5 Ways to Deal with Caged Racehorse Syndrome

Updated: Nov 14, 2018

What to do with your antsiness when the Universe hasn't yet opened the door





Lately I’ve been feeling like a caged race horse. As a high achiever with a big heart and a sharp mind, I have a wide variety of dreams, desires, and goals. The problem is, the gates aren't opening yet. I've knocked on a dozen doors, tried picking a few locks, and gone in search of doors in other places that maybe(?) might be open. In short: I’m eager and ready to run, but the universe is telling me the track isn't ready yet.


Or maybe I'm not ready.


Unfortunately, this is not the type of article where I tell you how to bust down that gate and go rogue. As much as I want to do that at times, there’d be no direction. I'd still have my blinders on, and while I know there is a race track out there somewhere, I can’t run full steam ahead when I don’t know where I’m going. My thoroughbred spirit would most likely run full steam into the stable wall. Not the most effective way to get ahead.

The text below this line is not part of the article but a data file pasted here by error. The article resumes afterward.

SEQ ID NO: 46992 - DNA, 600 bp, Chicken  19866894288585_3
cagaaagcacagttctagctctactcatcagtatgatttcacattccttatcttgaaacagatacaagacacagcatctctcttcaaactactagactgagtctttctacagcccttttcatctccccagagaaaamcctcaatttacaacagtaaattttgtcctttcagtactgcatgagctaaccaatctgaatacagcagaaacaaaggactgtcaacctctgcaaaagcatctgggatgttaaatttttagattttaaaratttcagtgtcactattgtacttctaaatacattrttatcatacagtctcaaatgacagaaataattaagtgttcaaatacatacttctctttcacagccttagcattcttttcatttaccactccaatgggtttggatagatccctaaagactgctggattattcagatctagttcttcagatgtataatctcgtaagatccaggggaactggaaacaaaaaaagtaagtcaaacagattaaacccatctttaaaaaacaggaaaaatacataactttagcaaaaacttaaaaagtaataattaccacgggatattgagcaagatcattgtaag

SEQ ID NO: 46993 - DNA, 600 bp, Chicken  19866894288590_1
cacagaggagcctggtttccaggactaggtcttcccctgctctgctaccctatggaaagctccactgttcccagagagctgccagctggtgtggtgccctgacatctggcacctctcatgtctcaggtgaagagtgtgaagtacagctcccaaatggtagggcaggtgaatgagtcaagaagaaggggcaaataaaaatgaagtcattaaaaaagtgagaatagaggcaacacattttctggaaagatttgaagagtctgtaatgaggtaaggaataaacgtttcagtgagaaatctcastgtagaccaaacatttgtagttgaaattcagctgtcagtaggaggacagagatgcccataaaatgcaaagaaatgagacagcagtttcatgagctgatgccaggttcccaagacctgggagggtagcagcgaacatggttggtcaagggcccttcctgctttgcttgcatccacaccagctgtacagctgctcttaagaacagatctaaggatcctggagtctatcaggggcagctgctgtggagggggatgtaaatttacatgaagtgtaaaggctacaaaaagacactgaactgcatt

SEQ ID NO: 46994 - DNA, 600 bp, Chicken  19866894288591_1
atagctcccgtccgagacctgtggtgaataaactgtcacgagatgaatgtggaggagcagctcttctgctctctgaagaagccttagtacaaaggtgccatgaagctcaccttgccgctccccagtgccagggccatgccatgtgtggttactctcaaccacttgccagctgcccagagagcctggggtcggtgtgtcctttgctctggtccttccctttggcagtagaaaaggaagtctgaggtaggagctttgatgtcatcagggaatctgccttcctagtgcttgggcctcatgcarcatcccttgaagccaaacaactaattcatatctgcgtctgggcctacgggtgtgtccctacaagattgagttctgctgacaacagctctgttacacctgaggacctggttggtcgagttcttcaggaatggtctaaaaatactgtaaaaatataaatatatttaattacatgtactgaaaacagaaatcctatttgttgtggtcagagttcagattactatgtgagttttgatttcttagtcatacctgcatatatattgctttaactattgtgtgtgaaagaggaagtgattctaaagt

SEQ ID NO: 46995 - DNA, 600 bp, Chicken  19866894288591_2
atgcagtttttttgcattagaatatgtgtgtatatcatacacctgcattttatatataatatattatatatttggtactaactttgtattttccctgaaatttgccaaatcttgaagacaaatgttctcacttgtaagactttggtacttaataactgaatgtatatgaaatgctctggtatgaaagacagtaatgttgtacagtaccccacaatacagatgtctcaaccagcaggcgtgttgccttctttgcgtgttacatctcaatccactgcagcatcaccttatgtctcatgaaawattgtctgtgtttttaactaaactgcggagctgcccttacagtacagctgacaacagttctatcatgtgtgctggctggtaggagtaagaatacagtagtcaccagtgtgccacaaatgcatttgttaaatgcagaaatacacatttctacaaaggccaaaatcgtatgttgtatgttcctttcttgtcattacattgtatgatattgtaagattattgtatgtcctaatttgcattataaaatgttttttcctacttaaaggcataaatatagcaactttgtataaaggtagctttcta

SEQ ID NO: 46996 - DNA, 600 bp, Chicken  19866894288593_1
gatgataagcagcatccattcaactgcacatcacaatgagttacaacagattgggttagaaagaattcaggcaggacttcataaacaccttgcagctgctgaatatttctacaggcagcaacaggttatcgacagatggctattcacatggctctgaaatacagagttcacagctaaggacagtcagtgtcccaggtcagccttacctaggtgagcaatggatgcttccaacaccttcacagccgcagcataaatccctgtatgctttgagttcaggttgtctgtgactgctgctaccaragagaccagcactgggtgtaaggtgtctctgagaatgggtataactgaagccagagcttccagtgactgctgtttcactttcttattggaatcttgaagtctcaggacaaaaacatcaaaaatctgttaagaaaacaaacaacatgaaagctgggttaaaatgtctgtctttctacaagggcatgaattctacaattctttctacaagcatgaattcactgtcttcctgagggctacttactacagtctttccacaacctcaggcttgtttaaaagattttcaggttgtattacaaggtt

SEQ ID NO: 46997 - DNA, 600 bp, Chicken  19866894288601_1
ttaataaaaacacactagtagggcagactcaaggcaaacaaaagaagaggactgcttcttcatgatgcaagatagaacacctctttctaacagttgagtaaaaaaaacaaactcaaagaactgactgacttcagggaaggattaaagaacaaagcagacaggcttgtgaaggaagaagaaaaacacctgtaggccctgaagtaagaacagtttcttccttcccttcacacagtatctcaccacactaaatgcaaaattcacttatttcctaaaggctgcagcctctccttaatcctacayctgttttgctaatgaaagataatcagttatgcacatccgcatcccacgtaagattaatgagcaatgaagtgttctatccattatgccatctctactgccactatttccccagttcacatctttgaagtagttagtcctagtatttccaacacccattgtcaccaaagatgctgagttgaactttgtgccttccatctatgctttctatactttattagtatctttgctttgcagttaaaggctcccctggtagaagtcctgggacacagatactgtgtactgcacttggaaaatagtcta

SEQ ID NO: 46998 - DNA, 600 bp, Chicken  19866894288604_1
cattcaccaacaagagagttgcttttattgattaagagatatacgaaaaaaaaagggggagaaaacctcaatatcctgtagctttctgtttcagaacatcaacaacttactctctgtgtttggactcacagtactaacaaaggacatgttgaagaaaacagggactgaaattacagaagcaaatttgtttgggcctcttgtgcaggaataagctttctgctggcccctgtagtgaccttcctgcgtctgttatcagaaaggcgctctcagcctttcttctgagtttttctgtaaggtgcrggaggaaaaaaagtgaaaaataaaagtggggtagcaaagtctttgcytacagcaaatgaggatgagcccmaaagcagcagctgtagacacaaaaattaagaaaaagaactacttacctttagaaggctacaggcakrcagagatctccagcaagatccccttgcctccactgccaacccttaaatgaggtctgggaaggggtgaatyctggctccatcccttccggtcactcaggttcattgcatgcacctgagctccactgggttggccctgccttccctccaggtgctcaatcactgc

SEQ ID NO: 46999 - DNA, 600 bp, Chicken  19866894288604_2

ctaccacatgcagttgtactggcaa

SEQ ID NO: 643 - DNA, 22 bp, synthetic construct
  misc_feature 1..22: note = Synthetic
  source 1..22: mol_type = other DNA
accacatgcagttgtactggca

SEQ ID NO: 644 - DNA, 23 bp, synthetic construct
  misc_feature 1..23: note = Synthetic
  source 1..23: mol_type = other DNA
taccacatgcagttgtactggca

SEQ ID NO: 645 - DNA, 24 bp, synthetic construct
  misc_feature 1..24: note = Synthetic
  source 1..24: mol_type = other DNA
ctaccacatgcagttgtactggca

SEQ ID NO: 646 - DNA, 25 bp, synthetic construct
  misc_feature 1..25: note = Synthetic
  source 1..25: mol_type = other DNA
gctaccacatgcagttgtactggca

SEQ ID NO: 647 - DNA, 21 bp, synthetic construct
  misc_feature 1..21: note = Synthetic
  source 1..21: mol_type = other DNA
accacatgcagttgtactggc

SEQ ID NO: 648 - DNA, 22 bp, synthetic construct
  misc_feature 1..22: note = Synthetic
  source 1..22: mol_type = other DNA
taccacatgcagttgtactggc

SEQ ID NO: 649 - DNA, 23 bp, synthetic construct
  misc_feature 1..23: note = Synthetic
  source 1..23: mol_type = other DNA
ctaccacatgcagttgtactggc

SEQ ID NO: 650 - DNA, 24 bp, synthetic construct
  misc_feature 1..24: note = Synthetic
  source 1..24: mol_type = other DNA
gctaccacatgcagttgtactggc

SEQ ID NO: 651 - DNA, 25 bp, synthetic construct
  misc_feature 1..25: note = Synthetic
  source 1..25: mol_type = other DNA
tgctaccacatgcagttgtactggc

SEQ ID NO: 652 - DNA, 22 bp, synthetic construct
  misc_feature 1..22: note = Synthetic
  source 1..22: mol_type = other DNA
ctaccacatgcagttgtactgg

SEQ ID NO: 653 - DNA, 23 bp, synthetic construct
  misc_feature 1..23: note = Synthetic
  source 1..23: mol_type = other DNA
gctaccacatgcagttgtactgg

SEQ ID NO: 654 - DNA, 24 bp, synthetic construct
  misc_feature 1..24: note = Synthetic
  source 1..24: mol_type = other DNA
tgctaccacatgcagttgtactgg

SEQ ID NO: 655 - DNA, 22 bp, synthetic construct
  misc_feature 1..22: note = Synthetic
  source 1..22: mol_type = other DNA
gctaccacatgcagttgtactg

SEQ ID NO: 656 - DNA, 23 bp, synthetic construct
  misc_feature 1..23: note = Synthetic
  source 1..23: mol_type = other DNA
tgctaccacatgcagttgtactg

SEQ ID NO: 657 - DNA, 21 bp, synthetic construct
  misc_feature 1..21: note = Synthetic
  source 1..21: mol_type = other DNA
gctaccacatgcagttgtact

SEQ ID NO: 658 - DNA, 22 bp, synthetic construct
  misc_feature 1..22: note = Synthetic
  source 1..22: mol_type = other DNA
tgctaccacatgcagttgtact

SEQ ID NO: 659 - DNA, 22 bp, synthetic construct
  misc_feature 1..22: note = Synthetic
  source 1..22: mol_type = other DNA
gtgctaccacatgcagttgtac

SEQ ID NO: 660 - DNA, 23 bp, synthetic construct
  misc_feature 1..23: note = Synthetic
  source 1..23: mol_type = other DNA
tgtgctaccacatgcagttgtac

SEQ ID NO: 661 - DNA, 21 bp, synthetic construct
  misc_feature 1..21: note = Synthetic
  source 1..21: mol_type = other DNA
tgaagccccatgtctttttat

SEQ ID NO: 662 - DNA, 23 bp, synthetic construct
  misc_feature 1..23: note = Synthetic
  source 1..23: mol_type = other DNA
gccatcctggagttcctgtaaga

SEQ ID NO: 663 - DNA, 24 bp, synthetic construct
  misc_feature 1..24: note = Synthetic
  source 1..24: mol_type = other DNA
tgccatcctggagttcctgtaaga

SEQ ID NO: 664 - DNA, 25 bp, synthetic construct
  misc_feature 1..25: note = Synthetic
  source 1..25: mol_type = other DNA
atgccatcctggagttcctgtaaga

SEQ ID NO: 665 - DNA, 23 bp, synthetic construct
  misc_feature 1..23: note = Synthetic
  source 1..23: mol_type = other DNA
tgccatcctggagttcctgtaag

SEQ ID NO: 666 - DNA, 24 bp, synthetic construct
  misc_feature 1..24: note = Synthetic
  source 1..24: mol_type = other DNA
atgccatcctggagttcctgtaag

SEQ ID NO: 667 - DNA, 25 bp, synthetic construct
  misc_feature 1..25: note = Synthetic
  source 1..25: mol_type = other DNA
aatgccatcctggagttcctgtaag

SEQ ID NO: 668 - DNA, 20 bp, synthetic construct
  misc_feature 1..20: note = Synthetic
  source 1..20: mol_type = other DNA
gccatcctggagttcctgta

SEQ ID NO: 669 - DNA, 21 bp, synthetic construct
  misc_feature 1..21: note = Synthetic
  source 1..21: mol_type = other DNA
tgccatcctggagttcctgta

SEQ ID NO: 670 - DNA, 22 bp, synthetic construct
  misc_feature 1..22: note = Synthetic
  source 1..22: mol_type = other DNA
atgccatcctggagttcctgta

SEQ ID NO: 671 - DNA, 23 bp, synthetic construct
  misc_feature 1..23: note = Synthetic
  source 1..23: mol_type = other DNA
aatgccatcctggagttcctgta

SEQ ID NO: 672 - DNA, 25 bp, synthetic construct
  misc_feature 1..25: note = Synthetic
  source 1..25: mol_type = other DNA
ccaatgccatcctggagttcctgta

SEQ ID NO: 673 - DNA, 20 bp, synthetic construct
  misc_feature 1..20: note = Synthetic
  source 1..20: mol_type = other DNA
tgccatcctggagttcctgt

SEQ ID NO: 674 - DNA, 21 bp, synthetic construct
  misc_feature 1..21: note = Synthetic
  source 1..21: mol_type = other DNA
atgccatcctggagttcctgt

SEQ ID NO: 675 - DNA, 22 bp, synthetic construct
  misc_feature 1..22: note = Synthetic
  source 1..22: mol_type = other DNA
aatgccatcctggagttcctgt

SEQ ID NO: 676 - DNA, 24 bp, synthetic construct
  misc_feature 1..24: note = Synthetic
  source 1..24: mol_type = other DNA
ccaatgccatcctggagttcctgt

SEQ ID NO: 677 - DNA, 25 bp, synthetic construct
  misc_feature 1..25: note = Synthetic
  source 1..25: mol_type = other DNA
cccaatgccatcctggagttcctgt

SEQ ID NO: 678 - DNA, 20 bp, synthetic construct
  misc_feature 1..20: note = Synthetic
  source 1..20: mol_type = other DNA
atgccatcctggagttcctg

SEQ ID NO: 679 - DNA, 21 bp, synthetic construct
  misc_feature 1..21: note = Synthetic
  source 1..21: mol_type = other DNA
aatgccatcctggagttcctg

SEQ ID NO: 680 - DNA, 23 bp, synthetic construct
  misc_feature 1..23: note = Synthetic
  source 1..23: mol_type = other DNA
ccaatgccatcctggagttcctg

So how do you calm your inner race horse while waiting for the pistol to go off? Here are a few things I’m doing.



1. Notice the sky.


Being thankful requires that I be present and attentive. What is good and beautiful in my life right now? It might be the yellow autumn leaves contrasted against the bright blue sky. It might be the upcoming trip I get to take with a friend I haven’t seen in ten years. Or how about the fact that I have a job that I enjoy, with a boss I respect?



2. Catch the balloon.